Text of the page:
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Successfully handling a business process handoff challenge can go a long way to improving department efficiency and success.
Imagine for a moment that you are part of a breathless crowd watching an Olympic relay race. It’s close, but your national team – the home team – is competitive for gold. With tensions high, the crowd chants … and then the baton drops.
That’s it. The entire stadium groans in unison as their dream of gold medals and glory shatter. Imagine the humiliation of the two who dropped the ball … or in this case the baton.
In the context of business process, we call that baton transfer a handoff. It is the moment when the responsibility for a particular task passes from one person to another. It is also the moment when the process is at its most vulnerable. Things frequently can and do go wrong here. When people talk about poor communication or poor teamwork, chances are they are talking about handoffs.
Managing handoffs successfully may not win your team a gold medal but it will build a foundation for the efficiency and success of any process. Unfortunately, handoffs often present challenges that would make even Olympic athletes break out in a cold sweat.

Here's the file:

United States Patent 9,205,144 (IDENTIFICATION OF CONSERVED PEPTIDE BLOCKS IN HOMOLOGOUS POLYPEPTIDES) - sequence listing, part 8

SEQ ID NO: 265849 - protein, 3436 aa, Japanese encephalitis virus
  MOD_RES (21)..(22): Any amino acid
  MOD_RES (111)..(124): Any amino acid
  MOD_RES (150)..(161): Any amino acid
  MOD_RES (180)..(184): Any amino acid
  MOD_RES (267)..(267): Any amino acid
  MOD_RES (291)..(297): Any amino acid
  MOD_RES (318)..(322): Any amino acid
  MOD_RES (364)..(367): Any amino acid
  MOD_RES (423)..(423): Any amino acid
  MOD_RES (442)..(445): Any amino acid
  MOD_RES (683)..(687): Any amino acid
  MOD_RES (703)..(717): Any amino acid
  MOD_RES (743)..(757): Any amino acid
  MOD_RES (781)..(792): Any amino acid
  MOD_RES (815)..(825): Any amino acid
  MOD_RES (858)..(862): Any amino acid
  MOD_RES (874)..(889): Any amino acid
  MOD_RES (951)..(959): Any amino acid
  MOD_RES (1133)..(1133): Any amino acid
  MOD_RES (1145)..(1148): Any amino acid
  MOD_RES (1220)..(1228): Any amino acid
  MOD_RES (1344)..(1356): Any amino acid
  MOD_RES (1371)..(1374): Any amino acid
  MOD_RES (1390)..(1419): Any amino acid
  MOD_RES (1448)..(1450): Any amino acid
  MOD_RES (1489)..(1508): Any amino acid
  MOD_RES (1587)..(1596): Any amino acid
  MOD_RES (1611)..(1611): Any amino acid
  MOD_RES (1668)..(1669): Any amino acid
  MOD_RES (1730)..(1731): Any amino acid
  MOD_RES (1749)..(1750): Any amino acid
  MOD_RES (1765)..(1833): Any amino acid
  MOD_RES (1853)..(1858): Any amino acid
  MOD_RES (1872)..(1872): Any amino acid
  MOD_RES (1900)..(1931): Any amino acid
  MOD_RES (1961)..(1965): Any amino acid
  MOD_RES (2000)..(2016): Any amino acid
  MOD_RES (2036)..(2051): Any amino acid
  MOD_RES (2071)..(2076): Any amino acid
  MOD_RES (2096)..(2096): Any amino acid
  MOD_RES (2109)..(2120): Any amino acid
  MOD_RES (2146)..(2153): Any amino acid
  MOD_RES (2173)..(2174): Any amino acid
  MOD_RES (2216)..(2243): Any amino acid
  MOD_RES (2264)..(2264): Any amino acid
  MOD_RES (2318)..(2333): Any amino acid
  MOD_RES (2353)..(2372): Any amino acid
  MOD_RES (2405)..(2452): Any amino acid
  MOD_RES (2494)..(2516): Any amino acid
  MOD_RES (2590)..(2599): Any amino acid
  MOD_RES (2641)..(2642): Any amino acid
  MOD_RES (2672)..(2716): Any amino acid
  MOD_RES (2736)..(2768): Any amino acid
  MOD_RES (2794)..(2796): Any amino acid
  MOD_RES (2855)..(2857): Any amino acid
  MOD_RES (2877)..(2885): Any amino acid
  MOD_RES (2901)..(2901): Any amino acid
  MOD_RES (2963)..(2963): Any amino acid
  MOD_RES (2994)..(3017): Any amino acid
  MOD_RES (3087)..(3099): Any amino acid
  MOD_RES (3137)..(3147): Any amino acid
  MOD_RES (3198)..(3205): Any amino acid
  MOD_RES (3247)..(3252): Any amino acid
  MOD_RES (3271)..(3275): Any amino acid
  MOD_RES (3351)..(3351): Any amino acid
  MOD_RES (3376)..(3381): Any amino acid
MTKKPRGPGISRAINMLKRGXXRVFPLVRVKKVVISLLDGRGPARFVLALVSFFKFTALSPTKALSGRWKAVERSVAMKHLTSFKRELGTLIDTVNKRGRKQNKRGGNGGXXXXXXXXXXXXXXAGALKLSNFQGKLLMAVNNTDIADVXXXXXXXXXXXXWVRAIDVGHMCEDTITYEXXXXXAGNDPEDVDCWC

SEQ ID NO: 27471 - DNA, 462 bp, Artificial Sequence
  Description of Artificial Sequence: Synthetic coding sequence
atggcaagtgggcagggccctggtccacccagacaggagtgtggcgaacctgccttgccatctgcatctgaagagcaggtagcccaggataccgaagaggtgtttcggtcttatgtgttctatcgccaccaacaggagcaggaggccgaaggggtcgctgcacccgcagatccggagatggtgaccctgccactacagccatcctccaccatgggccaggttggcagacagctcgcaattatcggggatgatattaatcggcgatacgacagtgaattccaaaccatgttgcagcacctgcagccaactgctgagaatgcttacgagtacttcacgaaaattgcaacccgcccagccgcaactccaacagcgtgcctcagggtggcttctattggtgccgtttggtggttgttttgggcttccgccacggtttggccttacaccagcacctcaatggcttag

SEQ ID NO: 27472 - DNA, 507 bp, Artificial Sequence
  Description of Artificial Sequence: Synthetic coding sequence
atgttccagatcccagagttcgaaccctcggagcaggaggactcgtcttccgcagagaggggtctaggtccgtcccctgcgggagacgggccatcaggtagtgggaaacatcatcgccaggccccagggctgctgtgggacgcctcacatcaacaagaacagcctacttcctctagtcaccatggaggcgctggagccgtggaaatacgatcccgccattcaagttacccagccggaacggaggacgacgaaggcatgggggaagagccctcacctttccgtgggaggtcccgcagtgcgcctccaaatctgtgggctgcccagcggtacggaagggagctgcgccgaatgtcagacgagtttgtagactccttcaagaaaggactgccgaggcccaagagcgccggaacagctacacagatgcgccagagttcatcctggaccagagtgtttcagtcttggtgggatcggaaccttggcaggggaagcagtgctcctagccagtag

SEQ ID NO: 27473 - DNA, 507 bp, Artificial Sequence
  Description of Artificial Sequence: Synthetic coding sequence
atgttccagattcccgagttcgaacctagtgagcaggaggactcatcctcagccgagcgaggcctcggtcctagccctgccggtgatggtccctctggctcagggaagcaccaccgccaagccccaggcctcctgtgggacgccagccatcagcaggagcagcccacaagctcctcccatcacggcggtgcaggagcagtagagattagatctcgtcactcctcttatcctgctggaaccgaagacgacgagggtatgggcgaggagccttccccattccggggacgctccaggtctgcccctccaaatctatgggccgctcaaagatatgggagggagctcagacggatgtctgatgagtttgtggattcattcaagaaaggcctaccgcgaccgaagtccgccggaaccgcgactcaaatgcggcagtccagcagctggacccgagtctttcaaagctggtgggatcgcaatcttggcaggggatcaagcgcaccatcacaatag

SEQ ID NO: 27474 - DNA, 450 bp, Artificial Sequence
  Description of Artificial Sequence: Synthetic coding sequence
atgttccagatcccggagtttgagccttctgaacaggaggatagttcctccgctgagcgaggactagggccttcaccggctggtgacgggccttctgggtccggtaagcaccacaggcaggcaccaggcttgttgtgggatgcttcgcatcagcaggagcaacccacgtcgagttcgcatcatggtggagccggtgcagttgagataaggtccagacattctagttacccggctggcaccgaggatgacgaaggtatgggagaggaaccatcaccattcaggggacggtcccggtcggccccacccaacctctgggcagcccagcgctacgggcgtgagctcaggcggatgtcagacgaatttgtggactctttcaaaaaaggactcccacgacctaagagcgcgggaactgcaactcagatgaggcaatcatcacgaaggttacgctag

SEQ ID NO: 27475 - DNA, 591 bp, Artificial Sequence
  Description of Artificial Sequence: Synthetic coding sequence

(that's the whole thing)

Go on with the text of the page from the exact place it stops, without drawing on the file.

A handoff is part of a process. And if that process is repeatable (which it most likely is because if it were not it would be a project), then the handoff will happen repeatedly, at the same point of the process. So, if you can work out the kinks on the handover, it will pay dividends in efficiency. But how?
The most common errors for handoffs tend to be specific to the roles played in the exchange. Sender errors commonly revolve around providing insufficient information. Receiver errors either relate to a failure to ask for clarification or to make errors of assumption.
Both parties may be guilty of passing the buck when things go wrong. Both parties may make assumptions about the other person’s expectations of the outcome.
Think back a moment to our relay team. Suppose our runners put in as much work and practice passing the baton as they do conditioning themselves for the race itself. Then surely passing the baton would have less risk of error. We should put as much thought into handoffs as we do into activities in a process.
You can prepare for better handoffs by standardizing them. Know the required information you need to pass at the moment of handoff. You will find more about this in the Improving Handoffs Guide. It includes a worksheet that will help you work through and sequence the key components between sender and receiver. Sign up below.
In some cases handoffs need only a relatively informal procedure. So, handoffs between members of the same team are less structured. However, a handoff between departments or where the participants have “dropped the baton” before requires a more formal approach. In these circumstances, you might find it useful to use a handoff agreement worksheet to cover the essential elements of the handoff.
A handoff agreement usually requires more than one iteration: you probably will not get it right the first time. Even if it seemed to go flawlessly, a little fine-tuning can save on time or improve communication in subsequent exchanges. If you include a plan for regular reviews in the handoff agreement, you acknowledge potential room for improvement. If you value their input, players will be more invested in the outcome.